Intermediate SSL Certificates: Nowadays, every browser being so concerned about internet security, it may seem like you don’t need to worry about having an SSL certificate for your website. You may be completely wrong. There are browsers like Google Chrome that automatically fetches a proper intermediate to go-between. But you should never neglect browsers like Firefox that may hit or miss, causing Internet security warnings to trigger. Also, mobile browsing is very commonly used nowadays. Without properly installing intermediate SSL certificate, you are putting your site credentials as well as browser’s information at risk. Now before going further, let us first understand ‘what is intermediate SSL certificate?’
Intermediate SSL Certificate
It is a subordinate certificate, which is issued and signed by the trusted root certificate. It is signed specifically to issue end-entity server certificate. This results in a certificate chain, which begins at the trusted root Certificate Authority (issuer), through the intermediate. This certificate chain ends with the SSL certificate issued by the end-user. In simple words, proper SSL chain links certificate of an end-user to a root certificate.
Major web browsers have a list of trusted root certificates, which is the foundation of SSL certificate. This list ensures that the SSL certificate being issued is valid and trustworthy. It is important to understand that root certificate do not sign every certificate. In such a situation, intermediate certificates come into play. Intermediate certificate falls in between the root certificate and the end-user SSL certificate. It is basically used to sign SSL certificate of end-user, which is used on a website and completes the digital SSL security chain.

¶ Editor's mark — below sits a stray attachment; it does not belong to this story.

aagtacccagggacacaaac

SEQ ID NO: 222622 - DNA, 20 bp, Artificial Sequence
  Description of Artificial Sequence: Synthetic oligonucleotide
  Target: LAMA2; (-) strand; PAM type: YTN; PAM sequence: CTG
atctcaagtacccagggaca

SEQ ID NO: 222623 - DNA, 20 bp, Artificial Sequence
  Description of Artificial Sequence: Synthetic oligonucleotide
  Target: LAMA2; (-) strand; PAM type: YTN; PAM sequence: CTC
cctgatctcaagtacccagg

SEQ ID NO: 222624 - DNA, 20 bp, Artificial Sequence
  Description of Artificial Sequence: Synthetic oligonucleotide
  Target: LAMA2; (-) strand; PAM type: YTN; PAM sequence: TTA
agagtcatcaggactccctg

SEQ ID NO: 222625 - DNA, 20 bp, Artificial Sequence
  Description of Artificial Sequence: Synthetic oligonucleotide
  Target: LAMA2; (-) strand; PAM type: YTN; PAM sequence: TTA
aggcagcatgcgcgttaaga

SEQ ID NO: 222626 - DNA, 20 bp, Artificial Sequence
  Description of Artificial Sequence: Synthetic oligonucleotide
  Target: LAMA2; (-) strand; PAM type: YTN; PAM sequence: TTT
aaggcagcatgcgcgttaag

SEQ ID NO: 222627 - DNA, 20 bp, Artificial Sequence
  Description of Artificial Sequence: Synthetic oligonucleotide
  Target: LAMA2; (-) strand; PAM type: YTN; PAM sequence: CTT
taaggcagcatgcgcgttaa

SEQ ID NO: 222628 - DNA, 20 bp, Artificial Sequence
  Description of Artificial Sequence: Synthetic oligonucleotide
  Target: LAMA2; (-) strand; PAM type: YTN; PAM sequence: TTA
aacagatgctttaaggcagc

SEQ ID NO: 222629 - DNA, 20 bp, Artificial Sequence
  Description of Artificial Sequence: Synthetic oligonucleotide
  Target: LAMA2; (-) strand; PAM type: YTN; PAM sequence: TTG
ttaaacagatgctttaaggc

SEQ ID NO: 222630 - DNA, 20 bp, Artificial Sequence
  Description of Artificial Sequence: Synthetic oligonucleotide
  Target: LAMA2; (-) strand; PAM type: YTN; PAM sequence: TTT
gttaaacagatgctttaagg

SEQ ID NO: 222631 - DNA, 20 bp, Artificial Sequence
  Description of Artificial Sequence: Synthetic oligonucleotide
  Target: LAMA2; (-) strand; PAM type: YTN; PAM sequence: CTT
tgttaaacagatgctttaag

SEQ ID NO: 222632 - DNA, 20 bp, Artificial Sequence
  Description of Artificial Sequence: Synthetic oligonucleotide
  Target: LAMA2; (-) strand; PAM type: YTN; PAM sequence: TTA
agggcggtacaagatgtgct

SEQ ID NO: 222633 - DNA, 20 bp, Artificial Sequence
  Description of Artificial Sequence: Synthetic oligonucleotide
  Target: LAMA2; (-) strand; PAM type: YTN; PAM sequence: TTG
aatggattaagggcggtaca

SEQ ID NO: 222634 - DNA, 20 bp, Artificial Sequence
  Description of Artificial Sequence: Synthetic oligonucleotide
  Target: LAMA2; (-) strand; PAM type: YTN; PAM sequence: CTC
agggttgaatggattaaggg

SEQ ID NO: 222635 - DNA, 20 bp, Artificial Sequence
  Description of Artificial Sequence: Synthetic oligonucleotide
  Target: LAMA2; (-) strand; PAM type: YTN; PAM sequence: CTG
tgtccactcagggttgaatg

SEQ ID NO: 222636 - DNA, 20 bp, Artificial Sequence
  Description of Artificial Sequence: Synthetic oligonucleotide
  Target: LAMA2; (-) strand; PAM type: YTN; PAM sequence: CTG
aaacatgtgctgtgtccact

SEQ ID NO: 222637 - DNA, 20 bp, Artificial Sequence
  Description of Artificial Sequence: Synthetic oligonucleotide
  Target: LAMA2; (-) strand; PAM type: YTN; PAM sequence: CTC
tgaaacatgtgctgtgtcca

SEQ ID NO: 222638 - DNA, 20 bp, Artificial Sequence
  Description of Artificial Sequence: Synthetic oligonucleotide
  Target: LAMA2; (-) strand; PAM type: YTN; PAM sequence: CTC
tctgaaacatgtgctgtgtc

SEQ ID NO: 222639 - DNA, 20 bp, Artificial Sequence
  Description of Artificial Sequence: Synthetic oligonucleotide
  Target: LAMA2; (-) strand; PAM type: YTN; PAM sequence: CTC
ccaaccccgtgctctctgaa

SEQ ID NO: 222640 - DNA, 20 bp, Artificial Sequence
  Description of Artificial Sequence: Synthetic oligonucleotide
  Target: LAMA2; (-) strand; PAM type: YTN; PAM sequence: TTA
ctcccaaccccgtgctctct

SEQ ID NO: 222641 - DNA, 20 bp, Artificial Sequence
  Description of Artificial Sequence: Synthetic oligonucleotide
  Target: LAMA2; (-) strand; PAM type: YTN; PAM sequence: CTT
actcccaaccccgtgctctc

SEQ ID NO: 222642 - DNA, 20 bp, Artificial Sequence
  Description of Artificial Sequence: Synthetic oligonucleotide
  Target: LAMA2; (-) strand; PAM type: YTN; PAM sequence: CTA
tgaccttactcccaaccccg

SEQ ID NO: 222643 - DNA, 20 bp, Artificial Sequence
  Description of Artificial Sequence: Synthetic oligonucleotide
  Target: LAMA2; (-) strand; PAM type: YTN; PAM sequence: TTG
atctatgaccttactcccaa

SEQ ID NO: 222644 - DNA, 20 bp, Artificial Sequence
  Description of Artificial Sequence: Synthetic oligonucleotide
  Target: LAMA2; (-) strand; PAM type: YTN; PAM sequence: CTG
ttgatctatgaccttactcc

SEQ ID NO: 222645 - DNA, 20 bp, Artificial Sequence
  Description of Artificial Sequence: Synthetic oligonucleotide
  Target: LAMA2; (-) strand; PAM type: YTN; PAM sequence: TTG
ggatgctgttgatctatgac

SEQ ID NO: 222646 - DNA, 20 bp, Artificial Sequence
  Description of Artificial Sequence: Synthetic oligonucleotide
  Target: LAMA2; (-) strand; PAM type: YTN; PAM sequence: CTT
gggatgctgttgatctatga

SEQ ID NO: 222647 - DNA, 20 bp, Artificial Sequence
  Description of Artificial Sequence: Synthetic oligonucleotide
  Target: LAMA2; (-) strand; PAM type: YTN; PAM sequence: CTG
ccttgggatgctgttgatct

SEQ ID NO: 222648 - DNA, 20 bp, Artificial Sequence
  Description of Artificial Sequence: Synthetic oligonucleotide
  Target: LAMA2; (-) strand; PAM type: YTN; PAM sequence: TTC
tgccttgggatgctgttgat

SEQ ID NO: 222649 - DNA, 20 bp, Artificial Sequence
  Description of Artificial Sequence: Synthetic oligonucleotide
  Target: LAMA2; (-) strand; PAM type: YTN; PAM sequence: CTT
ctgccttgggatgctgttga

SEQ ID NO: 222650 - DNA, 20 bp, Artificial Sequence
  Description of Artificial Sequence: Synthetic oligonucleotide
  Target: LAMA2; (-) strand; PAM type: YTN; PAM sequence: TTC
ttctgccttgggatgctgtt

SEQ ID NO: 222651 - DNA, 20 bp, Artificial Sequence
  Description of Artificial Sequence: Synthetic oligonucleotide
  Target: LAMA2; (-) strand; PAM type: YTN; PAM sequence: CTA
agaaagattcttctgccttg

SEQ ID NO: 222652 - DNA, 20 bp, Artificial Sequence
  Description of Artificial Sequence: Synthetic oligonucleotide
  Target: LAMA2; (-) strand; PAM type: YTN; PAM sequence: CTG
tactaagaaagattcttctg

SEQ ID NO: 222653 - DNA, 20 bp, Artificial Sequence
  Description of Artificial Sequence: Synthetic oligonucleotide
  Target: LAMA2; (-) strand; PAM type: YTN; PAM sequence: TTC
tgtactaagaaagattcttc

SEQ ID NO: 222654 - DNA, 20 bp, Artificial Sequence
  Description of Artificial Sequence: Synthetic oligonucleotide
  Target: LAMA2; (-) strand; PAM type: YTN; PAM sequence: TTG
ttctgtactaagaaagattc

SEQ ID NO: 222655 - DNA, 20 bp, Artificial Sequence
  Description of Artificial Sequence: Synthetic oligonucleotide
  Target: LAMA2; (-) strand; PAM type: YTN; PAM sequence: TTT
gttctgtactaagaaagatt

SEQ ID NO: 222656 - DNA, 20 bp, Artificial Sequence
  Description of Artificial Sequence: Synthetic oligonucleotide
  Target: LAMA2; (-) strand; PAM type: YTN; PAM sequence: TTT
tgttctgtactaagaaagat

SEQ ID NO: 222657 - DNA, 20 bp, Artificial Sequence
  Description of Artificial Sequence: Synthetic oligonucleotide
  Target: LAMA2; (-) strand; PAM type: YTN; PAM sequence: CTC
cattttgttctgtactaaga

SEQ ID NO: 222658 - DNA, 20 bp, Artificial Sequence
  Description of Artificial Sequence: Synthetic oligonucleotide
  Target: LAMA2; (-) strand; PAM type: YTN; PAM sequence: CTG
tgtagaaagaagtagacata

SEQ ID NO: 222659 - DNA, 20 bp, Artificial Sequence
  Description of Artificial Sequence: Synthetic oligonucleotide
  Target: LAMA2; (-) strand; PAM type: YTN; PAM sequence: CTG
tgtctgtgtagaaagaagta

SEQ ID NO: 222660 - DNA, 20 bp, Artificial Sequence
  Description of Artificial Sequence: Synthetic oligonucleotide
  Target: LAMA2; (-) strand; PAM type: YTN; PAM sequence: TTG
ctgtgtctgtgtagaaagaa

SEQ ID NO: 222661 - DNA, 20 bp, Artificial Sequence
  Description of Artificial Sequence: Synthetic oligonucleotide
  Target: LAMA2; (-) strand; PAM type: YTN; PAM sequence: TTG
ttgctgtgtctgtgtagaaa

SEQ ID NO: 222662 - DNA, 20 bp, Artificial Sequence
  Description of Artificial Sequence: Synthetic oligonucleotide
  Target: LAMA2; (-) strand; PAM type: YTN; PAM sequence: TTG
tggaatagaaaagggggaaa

Importance of Intermediate SSL Certificates
In case of missing intermediate SSL certificate, various browsers act differently. Whether you are accessing for mobile devices or desktops, every browser is designed to act differently in such cases. For example:
• Google Chrome will immediately go out and fetch a missing intermediate certificate.
• Firefox will look for any saved intermediate certificate from another website or previous session.
• Sometimes Firefox triggers security warnings, in case of missing intermediate certificates.
• While browsing over mobile devices, missing intermediate certificate generates a security warning. There can be cases where browsers have issues with improper installation of intermediate certificates.
For a secure and uninterrupted session, it is best to install an Intermediate SSL Certificate.
Testing Intermediate SSL Certificate after Installation
After successfully installing SSL certificate, it is important to check whether it has been installed properly and is working as required. ‘WHY NO PADLOCK’ service can check it for you. It:
• Verifies validations of intermediate SSL certificate
• Verifies START and END DATES (checks whether the date is current and not expired)
• Verifies whether the certificate is signed by a valid CA
• Verifies the SSL chain (all the certificates including intermediate certificate are installed properly)
• Checks for allowed SSL Protocols
For the above article, it is clear that intermediate certificates are important for Internet security purposes. Every time you install an intermediate SSL certificate, make sure it is installed properly because one missing link can trigger warning and visitors may abandon your website. After installing, renewing or updating an intermediate SSL certificate, it is important to test it. Better to check than to repent.
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